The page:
northumbria university pgr conference 2016 (20 jun)

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The ecology of cycling

an ecology of cyclingprotected cycleways: power, politics and public perception

Katja LeyendeckerPhD researcherNorthumbria UniversityEE-ABEPGR CONFERENCE 2016

Why bother with cycling?Cycling is

Good for the environmentGood for personal health and wellbeingGood for the local economyGood for community and neighbourhoodsGood for the individuals pocketGood for public purseCycling addresses big needs of today:climate change / carbon emission reductionpublic health / obesityenvironmental sustainability

social, economic and environmental justice

What cycling?

Transport

Everyday journeysWorkSchoolShoppingVisiting friends

Photo creditright @amsterdamizeleft @carltonreid

Socio-ecological model

Barton & Grant (2006)

Whats needed?No city in Europe or North America has achieved high level of cycling without an extensive network of well-integrated bike lanes and paths that provide separation from motor vehicle traffic. [] Separate cycling facilities are a crucial first step towards increasing cycling and making it socially inclusive. Pucher & Buehler (2012:351)

It is clear from our research that most non-cyclists and recreational cyclists will only consider cycling regularly if they are segregated from [motor vehicle] traffic Pooley et al (2013:176)

Why has it not happened?Academia highlights the stranded systemSome select voices:Dominant: socio-technical system of automobility (Urry, 2005)Over decades, we have been concentrating on the individual too much and forgot systemic issues (Spotswood et al, 2015) Dynamics of neoliberal politics (Harvey, 2005)

My research

Framework

Jensen (2013)

Operationalised framework

Jensen (2013)

Investigation IDocument assessmentDiscourse of transport policies

Investigation IIIInterviews with street usersInvestigation IIStreet observations and assessment of secondary datasets

Investigation IDocument analysis of relevant current policyNewcastleGateshead, UK

Local Plan (2015)Local Transport Plan (2010)Bremen, Germany

Transport plan (Verkehrsentwicklungsplan) (2014)

Investigation IIObservation and interrogation of secondary datasets

NewcastleGatesheadBremen___________________________________________________________________Population 490,000550,000Density person/km 2,0001,700Source: WikipediaMap source: openstreetmap.org

Investigation IIIStage 115 min think-aloud (Ericsson & Simon, 1993)

Commentary on videos showing typical cycling infrastructureNewcastleGatesheadBremenCopenhagen/Amsterdam

>Transcribe>> Analyse for themes/narrativesInterviewsStage 245 min semi-structured

Uncover structural stories (Freudendal-Pedersen, 2009)Challenge perceptions

>Transcribe>> Analyse for themes/narratives

Putting it back together

Jensen (2013)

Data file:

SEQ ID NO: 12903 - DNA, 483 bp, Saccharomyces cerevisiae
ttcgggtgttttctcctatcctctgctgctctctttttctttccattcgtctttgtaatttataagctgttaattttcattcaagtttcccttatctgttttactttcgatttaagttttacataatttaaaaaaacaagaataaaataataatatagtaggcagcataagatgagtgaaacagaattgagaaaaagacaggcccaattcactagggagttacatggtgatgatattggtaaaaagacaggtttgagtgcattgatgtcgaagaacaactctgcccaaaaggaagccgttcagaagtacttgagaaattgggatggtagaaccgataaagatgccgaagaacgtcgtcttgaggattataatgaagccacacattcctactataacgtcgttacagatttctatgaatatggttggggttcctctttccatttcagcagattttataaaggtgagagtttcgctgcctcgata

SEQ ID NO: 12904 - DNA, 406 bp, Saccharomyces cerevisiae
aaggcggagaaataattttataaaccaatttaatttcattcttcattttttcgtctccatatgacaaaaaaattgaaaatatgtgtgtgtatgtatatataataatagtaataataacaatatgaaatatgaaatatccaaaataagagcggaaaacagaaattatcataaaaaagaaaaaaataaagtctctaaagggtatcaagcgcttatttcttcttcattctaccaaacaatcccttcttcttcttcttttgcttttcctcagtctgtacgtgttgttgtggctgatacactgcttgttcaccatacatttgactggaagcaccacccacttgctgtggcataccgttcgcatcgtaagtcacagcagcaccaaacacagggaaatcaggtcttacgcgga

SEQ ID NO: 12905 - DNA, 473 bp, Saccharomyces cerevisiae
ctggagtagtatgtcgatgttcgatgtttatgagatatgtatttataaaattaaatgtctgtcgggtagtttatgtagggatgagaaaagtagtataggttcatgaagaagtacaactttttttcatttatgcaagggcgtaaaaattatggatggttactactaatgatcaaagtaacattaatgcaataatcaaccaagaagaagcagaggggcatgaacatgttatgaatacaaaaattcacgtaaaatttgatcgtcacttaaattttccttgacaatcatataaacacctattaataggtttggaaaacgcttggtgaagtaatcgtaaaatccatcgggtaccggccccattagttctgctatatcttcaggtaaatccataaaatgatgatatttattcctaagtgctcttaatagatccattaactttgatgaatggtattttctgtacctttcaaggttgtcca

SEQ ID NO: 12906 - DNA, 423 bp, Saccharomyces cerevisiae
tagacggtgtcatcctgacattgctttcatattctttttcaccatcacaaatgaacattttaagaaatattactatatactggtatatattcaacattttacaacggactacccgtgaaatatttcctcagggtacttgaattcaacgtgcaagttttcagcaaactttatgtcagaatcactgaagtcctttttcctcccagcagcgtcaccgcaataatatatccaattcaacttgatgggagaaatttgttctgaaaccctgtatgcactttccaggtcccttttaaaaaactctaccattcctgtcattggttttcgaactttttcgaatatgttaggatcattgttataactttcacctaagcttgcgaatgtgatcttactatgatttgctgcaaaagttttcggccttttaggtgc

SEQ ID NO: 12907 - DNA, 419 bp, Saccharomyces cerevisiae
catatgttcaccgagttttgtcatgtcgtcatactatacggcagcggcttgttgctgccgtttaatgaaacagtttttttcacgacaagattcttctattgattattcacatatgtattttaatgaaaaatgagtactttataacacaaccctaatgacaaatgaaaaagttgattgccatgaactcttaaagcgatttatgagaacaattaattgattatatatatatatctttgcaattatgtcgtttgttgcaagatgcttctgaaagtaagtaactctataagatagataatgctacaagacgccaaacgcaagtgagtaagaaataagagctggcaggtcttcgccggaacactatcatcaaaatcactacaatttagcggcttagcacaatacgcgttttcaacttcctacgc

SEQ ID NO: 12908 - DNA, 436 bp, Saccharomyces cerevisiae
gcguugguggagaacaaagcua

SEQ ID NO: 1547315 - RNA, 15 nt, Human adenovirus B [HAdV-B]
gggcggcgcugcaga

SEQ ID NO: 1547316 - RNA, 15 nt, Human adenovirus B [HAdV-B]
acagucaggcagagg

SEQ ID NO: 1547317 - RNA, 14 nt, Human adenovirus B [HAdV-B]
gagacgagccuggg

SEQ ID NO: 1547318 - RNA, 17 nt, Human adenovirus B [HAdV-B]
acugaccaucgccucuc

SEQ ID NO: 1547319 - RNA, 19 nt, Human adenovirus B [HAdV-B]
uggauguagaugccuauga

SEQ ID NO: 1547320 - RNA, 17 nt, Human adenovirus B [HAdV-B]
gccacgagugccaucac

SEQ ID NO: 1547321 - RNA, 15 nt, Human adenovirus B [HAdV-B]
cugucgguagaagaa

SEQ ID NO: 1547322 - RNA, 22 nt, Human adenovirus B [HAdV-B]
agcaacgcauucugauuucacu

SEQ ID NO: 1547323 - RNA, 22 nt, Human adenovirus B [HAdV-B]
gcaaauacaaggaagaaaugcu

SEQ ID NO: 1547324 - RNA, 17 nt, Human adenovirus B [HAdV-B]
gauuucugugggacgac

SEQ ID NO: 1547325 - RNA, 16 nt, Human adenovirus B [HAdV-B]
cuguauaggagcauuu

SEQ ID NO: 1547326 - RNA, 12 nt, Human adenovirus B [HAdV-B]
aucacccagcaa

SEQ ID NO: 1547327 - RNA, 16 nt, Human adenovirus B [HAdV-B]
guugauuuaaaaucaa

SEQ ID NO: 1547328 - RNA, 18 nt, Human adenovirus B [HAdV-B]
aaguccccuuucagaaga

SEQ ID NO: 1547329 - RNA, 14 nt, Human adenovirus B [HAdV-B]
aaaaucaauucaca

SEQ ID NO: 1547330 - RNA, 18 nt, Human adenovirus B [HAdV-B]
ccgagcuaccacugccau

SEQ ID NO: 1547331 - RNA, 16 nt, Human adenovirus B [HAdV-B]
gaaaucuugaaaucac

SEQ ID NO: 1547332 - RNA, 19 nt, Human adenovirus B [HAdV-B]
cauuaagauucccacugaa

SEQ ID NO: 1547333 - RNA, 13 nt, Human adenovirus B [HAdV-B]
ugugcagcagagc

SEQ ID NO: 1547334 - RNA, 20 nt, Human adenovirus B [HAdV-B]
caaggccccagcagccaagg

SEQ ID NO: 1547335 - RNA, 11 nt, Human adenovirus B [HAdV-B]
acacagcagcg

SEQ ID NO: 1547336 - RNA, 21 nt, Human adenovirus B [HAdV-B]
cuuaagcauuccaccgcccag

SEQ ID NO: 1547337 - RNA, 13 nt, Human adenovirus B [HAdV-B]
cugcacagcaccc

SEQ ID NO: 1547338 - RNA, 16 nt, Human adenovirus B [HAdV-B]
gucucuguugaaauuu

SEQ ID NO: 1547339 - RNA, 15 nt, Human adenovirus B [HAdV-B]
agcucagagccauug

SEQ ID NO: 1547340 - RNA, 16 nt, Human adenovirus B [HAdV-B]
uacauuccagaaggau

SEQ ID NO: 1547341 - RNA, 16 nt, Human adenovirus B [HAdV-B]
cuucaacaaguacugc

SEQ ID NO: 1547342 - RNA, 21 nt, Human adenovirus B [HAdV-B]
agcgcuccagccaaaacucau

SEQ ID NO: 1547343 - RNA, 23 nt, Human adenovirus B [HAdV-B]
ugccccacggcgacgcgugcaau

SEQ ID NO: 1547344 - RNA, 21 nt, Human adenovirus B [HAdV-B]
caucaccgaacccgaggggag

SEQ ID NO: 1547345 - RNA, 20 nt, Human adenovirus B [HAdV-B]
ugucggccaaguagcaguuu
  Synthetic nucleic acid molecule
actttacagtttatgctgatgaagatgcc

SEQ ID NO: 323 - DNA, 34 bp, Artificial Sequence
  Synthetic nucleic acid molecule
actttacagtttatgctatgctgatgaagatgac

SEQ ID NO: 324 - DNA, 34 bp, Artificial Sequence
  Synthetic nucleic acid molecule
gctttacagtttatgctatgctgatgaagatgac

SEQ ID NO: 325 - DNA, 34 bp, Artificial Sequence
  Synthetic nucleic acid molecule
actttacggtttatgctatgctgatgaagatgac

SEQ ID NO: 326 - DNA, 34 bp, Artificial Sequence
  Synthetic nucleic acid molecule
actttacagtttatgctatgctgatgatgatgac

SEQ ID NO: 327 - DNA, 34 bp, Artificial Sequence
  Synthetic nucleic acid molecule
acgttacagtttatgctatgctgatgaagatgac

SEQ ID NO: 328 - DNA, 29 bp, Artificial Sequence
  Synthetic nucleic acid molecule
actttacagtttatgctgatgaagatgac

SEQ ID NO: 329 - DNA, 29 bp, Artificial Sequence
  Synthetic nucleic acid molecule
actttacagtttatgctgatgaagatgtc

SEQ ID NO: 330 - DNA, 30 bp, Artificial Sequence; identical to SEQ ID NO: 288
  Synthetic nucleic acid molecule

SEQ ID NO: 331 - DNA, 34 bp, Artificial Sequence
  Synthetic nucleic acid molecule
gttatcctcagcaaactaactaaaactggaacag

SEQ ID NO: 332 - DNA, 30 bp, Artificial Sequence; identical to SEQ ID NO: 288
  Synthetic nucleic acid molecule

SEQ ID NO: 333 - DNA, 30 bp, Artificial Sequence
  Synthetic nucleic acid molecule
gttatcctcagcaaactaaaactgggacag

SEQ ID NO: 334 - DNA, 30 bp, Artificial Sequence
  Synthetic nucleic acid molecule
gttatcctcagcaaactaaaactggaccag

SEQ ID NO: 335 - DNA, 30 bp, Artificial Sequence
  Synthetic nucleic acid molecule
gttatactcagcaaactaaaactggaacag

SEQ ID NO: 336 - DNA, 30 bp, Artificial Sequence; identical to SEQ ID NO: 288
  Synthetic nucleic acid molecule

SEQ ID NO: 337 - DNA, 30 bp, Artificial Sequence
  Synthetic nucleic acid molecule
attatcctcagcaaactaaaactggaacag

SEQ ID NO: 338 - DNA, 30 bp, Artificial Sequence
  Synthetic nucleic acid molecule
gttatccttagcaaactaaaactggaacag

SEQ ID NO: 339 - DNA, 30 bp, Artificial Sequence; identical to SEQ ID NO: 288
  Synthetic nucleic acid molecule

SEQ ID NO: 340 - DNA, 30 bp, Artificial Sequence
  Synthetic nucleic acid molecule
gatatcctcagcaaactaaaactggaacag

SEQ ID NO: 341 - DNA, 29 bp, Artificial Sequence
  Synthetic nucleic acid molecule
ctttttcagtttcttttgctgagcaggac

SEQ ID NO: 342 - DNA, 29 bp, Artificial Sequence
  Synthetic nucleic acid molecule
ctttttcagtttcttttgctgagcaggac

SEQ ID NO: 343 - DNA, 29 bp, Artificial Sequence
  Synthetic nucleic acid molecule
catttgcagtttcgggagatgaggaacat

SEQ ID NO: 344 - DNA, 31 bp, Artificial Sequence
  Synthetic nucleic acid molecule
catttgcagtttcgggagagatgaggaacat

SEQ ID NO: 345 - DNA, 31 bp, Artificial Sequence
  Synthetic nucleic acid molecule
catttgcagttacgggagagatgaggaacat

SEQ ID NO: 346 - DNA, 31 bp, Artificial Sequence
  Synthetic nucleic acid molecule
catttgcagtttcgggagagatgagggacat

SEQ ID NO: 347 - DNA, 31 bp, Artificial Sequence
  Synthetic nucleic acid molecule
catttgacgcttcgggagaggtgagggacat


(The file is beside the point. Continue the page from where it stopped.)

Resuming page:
Investigation IDocument assessmentDiscourse of transport policies

Investigation IIIInterviews with street usersInvestigation IIStreet observations and assessment of secondary datasets

Putting it back together

Jensen (2013)

Investigation IDocument assessmentDiscourse of transport policies

Investigation IIIInterviews with street usersInvestigation IIStreet observations and assessment of secondary datasets

Thank youEmailkatja.leyendecker@northumbria.ac.ukBlog https://katsdekker.wordpress.com/Twitter @katsdekker

ReferencesBarton, H., & Grant, M. (2006). A health map for the local human habitat. Journal of The Royal Society for the Promotion of Health, 126(6), 252-253. doi:10.1177/1466424006070466Ericsson, K. A., & Simon, H. A. (1993). Protocol Analysis: verbal reports as data - Please think aloud. Massachusetts: MIT Press.Freudendal-Pedersen, M. (2009). Mobility in daily life: between freedom and unfreedom. Burlington, VT: Ashgate.Harvey, D. (2005). A brief history of neoliberalism. Oxford: Oxford University Press.Jensen, O. B. (2013). Staging mobilities: Routledge.Pooley, C. G. et al. (2013). Promoting Walking and Cycling : New Perspectives on Sustainable Travel. Bristol: Policy Press.Pucher, J. R., & Buehler, R. (2012). City cycling: MIT Press.Spotswood, F. et al. (2015). Analysing cycling as a social practice: An empirical grounding for behaviour change. Transportation Research Part F: Traffic Psychology and Behaviour, 29, 22-33. doi:10.1016/j.trf.2014.12.001Urry, J. (2005). The Systems of Mobility. Cahiers Internationaux de Sociologie, 118, 23-35.

Northumbria University webpageComparing urban space perception in two cities, Newcastle, UK, and Bremen, Germany in particular regard to cycling infrastructureThe lack of infrastructure and the associated safety concerns are cited as the main reason for people abstaining from cycling for utility and transport in urban areas in the UK (for example, Pooley et al, 2013, Pucher & Buehler 2012). It is argued that, to increase cycling numbers, the urban environment will have to be adapted to be more conducive and inviting to cycling. By comparing two cities in different European countries and focussing on how non-cycling or occasionally-cycling users perceive cycling spaces, this research will contribute to the debates surrounding how urban traffic spaces are viewed, conceptualised and negotiated.By gaining more knowledge about the publics perception of urban cycling space it is possible to inform policy and decision-making processes.

Research SupervisorsDr Seraphim AlvanidesProf Ruth Dalton

Key PublicationsConference involvement at RGS conferences, Cycling and Society conference, Newcastles Active City Cycle City, Women and Cycling Forum (Scotland, and England)

https://www.northumbria.ac.uk/study-at-northumbria/our-students/student-profiles/l/katja-leyendecker/